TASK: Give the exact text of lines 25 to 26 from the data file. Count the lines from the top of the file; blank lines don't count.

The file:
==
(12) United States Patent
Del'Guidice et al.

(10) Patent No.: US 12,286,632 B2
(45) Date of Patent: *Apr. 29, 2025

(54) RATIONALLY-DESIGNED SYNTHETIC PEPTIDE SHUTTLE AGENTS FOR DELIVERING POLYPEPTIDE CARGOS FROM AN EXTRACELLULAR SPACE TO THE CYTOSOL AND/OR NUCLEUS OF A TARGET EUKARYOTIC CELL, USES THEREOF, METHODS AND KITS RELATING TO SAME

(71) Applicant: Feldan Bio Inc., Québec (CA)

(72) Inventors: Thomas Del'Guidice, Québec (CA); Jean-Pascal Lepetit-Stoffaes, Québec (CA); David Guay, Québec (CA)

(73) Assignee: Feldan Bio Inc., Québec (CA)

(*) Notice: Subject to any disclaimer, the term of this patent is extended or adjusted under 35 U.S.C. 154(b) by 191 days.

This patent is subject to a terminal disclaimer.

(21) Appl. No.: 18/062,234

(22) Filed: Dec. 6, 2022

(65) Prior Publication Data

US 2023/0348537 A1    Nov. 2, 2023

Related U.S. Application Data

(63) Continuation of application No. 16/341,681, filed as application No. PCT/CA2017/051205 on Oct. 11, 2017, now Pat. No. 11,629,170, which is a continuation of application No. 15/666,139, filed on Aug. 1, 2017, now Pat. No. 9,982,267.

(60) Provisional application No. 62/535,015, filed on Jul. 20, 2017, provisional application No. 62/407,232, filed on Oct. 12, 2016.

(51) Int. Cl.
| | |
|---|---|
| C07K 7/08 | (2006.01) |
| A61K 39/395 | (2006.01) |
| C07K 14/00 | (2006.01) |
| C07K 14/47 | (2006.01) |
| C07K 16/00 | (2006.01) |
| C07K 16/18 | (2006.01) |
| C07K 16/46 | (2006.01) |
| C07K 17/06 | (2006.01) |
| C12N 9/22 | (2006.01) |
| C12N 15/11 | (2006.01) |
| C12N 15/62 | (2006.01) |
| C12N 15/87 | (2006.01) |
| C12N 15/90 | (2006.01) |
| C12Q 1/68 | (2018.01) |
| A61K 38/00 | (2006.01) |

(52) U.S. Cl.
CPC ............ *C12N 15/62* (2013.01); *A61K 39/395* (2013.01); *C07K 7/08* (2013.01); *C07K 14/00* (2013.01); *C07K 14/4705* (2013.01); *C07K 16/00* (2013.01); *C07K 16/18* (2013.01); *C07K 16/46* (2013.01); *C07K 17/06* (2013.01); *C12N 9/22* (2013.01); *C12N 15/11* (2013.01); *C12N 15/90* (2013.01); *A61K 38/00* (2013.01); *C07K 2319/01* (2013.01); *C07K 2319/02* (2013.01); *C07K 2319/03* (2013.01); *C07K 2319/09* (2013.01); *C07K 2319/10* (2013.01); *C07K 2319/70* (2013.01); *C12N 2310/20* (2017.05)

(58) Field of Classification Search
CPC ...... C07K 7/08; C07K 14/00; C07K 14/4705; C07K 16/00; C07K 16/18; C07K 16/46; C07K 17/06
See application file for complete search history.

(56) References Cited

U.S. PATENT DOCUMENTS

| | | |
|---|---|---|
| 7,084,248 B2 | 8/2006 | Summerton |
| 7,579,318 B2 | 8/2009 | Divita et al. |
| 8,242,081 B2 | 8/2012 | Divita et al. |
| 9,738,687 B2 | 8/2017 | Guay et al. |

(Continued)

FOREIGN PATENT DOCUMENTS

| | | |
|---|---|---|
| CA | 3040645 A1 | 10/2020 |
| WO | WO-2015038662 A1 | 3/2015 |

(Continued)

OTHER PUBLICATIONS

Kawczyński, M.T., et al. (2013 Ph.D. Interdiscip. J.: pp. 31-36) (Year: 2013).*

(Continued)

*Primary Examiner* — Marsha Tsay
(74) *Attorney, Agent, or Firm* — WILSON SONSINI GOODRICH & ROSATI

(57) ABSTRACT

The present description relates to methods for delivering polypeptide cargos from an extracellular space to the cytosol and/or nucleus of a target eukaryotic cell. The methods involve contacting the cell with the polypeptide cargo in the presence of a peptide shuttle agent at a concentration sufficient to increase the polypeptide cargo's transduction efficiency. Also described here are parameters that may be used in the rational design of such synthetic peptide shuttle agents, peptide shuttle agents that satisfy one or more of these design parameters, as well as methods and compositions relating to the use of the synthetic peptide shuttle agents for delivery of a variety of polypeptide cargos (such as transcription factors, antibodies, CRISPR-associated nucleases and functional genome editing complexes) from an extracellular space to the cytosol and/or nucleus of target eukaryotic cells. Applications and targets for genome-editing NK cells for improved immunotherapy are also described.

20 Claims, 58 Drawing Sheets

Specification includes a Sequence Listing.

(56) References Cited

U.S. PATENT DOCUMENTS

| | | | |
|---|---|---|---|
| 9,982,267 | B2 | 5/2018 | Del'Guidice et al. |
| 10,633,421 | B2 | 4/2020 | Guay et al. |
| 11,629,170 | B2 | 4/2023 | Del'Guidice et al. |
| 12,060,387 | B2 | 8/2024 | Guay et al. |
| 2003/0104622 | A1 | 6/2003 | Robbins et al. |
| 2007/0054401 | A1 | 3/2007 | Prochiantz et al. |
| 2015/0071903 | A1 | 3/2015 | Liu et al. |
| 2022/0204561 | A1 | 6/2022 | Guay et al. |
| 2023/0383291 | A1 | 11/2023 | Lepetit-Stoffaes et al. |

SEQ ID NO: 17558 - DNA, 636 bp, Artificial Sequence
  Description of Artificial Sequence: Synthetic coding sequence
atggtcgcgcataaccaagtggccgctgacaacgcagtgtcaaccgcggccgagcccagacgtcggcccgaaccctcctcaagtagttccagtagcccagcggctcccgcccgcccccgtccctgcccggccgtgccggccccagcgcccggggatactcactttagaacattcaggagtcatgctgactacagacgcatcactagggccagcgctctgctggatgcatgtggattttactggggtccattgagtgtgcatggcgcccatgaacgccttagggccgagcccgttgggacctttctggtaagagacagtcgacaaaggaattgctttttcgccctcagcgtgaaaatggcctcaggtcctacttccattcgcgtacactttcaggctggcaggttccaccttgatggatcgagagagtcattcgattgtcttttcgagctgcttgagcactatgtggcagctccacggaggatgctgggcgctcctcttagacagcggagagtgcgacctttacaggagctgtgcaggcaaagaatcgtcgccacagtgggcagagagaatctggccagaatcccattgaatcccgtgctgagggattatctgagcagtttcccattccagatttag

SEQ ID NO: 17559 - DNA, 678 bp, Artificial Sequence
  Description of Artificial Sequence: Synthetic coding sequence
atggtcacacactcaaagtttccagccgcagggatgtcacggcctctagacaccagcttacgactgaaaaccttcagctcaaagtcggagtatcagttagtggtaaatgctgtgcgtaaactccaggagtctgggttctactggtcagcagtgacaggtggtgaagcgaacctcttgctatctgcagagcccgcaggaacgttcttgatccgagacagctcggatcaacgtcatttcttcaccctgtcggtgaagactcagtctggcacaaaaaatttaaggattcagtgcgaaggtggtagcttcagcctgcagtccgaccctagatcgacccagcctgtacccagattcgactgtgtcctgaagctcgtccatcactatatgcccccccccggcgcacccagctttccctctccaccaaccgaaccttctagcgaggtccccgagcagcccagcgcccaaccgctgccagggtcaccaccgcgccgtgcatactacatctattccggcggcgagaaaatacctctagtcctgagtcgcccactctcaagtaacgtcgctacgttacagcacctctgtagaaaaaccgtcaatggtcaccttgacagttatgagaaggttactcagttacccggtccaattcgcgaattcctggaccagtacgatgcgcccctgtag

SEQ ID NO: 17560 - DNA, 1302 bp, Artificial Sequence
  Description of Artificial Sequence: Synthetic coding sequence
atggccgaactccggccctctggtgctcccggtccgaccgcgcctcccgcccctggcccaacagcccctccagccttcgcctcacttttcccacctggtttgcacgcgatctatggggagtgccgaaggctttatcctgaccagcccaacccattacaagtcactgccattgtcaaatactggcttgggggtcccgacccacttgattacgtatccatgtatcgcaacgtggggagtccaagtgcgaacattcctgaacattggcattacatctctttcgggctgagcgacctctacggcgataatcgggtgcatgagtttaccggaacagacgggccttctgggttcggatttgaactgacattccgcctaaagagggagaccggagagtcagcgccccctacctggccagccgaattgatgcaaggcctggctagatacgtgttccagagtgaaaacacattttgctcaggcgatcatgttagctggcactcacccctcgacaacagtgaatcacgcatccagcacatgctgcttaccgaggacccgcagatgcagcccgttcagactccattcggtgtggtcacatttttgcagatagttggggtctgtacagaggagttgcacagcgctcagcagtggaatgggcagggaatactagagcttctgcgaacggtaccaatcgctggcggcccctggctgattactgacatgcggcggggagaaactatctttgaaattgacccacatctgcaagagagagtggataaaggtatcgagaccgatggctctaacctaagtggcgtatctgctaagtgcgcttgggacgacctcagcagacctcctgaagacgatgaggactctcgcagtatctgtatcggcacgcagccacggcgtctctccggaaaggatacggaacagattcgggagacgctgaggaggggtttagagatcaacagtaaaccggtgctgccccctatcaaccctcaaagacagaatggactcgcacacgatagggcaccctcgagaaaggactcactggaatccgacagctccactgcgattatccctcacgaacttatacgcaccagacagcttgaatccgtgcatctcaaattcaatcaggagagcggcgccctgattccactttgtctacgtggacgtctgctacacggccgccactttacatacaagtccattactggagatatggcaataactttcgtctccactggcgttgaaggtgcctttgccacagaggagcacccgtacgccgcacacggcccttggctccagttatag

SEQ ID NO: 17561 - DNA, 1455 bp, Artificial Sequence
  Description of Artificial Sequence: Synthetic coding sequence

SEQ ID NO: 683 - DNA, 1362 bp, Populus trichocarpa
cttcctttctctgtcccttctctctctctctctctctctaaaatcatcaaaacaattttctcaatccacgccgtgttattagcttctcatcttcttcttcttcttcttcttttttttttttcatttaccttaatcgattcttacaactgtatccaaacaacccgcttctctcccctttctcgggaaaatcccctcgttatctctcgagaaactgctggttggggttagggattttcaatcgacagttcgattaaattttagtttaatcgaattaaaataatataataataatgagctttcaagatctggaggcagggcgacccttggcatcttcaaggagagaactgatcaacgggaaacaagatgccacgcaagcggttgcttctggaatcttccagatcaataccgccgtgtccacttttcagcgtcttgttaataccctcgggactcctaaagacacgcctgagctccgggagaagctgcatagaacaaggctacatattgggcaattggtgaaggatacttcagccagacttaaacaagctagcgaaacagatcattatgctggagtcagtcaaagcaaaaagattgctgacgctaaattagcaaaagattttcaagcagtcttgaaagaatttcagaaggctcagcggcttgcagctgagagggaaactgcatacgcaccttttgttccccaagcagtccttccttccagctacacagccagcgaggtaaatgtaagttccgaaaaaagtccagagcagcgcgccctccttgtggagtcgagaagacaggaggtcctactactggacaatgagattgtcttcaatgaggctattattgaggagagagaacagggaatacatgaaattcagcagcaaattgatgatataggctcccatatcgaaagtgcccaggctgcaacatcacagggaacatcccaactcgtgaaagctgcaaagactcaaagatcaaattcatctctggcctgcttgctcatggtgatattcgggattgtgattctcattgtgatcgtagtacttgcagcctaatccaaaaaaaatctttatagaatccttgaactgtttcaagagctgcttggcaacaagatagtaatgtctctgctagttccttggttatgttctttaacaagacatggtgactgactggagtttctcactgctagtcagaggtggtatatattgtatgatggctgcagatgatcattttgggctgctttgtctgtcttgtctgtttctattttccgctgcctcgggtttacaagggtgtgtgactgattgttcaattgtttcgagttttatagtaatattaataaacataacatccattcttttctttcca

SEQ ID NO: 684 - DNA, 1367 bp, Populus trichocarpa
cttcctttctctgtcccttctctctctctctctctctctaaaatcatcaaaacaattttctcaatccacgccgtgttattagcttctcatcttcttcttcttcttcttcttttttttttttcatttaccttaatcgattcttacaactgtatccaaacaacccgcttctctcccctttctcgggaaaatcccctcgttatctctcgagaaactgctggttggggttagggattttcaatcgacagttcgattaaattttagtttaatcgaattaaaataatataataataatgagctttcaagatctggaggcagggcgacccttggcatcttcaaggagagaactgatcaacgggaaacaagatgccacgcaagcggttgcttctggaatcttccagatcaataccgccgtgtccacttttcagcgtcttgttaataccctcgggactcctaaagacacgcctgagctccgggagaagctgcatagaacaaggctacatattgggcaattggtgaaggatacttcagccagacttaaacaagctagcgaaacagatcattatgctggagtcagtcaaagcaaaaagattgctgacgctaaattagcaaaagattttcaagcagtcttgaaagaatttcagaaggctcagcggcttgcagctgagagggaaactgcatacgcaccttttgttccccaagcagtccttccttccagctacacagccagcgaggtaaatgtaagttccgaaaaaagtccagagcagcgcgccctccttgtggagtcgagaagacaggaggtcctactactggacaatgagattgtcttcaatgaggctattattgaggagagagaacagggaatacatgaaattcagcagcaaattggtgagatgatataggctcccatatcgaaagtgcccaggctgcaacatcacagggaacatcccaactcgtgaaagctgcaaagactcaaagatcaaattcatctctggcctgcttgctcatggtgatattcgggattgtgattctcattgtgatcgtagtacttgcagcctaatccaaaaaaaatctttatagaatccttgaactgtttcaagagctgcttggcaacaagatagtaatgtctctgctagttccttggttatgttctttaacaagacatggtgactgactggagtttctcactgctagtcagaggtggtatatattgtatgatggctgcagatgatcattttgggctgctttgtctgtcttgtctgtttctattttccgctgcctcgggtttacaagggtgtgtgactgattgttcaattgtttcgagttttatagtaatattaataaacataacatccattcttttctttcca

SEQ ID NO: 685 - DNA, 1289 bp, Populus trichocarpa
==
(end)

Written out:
| C07K 16/00 | (2006.01) |
| C07K 16/18 | (2006.01) |